Welwitschia – Namibia - Atlas Obscura


Bizarre living fossil only grows in a small chunk of the Namib Desert. 


Stretching through Angola and Namibia on the southwest coast of Africa, the Namib Desert gets less than a half inch of rain per year. It’s a completely barren landscape, deathly hot and mostly devoid of life, save a little flora and fauna including a bizarre plant that can live for centuries in the arid Namib.

Known as the tweeblaarkanniedood (“two-leaf-cannot-die”) in Afrikaans, the easier-pronounced word for the plant is Welwitschia, named for the Austrian scientist who studied it in the mid-19th century. Although it almost looks dead, piled in a heap on the desert sand, Welwitschia is a powerfully-evolved survivor. Able to intake moisture from fog over the Namib, it can live for hundreds of years, and some of the oldest known Welwitschia are 2000 years old. What one sees above ground is only the tip of the iceberg so to speak, is actually a bizarre tree with a large, mostly underground taproot-like trunk with corky bark and high water storage capacity. The plant has only two strap-like leathery leaves, growing constantly from the same spot for the entirety of the plant’s life. These leaves split apart into smaller straps as they grow, giving the illusion of many leaves.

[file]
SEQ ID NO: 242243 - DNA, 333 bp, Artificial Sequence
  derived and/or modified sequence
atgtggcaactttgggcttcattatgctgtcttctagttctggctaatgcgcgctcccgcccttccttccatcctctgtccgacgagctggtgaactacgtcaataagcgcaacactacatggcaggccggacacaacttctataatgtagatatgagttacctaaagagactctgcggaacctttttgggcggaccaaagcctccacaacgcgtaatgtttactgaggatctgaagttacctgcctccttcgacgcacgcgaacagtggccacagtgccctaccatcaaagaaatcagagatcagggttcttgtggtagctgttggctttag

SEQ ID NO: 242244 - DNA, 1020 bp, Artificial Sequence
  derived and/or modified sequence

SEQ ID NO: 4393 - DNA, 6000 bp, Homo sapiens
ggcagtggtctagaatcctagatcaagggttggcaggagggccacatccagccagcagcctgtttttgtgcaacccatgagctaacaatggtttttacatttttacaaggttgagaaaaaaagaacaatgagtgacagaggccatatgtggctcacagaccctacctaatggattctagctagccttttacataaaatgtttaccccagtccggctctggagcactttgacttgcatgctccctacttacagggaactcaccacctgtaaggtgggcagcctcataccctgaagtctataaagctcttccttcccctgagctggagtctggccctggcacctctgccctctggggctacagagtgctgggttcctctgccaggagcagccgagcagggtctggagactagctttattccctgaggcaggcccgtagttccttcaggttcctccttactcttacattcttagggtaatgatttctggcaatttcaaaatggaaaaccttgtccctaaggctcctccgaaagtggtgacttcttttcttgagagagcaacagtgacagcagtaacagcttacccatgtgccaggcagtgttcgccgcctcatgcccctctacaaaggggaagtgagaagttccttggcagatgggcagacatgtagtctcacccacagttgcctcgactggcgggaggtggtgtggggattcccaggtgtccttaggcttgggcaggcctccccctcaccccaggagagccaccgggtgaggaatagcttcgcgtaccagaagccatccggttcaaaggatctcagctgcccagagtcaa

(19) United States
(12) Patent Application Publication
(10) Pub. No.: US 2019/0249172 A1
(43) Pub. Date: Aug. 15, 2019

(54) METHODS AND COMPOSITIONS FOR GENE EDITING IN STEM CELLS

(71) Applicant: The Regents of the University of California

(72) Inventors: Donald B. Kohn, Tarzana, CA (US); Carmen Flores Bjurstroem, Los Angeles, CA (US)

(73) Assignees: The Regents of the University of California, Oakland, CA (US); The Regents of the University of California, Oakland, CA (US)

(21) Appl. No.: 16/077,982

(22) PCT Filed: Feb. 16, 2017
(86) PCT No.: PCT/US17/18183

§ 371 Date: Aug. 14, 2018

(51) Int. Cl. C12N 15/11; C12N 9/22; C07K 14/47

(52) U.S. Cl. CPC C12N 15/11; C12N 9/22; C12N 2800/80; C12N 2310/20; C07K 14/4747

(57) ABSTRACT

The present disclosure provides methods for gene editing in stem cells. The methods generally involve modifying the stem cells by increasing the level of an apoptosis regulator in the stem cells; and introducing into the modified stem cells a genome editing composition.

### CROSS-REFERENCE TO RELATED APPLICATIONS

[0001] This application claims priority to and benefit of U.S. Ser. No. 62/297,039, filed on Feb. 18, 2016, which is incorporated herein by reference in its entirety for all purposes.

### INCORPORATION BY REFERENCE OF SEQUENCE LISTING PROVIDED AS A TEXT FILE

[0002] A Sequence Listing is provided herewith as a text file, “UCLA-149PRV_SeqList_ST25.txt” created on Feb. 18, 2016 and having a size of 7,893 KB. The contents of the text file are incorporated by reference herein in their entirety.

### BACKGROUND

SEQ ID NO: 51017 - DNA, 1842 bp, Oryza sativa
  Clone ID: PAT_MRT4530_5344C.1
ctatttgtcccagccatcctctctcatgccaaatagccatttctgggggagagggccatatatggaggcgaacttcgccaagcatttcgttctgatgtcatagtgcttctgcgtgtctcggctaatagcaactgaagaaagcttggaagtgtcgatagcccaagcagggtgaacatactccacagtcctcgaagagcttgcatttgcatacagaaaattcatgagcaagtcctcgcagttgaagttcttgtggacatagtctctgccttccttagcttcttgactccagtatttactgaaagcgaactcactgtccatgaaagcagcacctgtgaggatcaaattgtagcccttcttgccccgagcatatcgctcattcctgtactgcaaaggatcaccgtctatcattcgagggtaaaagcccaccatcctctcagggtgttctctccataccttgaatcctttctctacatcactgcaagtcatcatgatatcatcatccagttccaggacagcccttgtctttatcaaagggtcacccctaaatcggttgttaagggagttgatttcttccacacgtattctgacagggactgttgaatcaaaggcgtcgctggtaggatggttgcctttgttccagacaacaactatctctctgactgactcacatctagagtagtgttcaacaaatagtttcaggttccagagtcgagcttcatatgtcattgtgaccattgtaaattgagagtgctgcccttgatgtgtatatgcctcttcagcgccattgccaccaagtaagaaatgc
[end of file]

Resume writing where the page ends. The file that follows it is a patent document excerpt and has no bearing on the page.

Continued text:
Apparently related to the conifers, welwitschia are dioceous, meaning that they grow as separate male and female plants. Welwitschias belong to a small order of gymnosperms (cone-bearers, Latin for “naked seed”) called gnetophytes. This order is comprised of three families Welwitschiaceae, Ephedraceae (the ephedra family), and Gnetaceae (the Gnetum family), and each of these families only have one genus, for which they are named. The gnetophyte order is believed by many botanists to be a genetic and morphological (with special focus on the growth and form of their microsporangia in the pollen structures) missing link between the cone-bearers and the true flowering plants (the angiosperms), and it is possible that members of this order were the very first plants to be insect-pollinated.

Considered by many to be a living fossil, the strange plants are coveted, and as such are growing endangered. They are protected only by their position deep in the Namib desert, which is difficult to traverse. There is some effort by botanic gardens specializing in desert flora to propagate the welwitschia and get rid of its endangered status.

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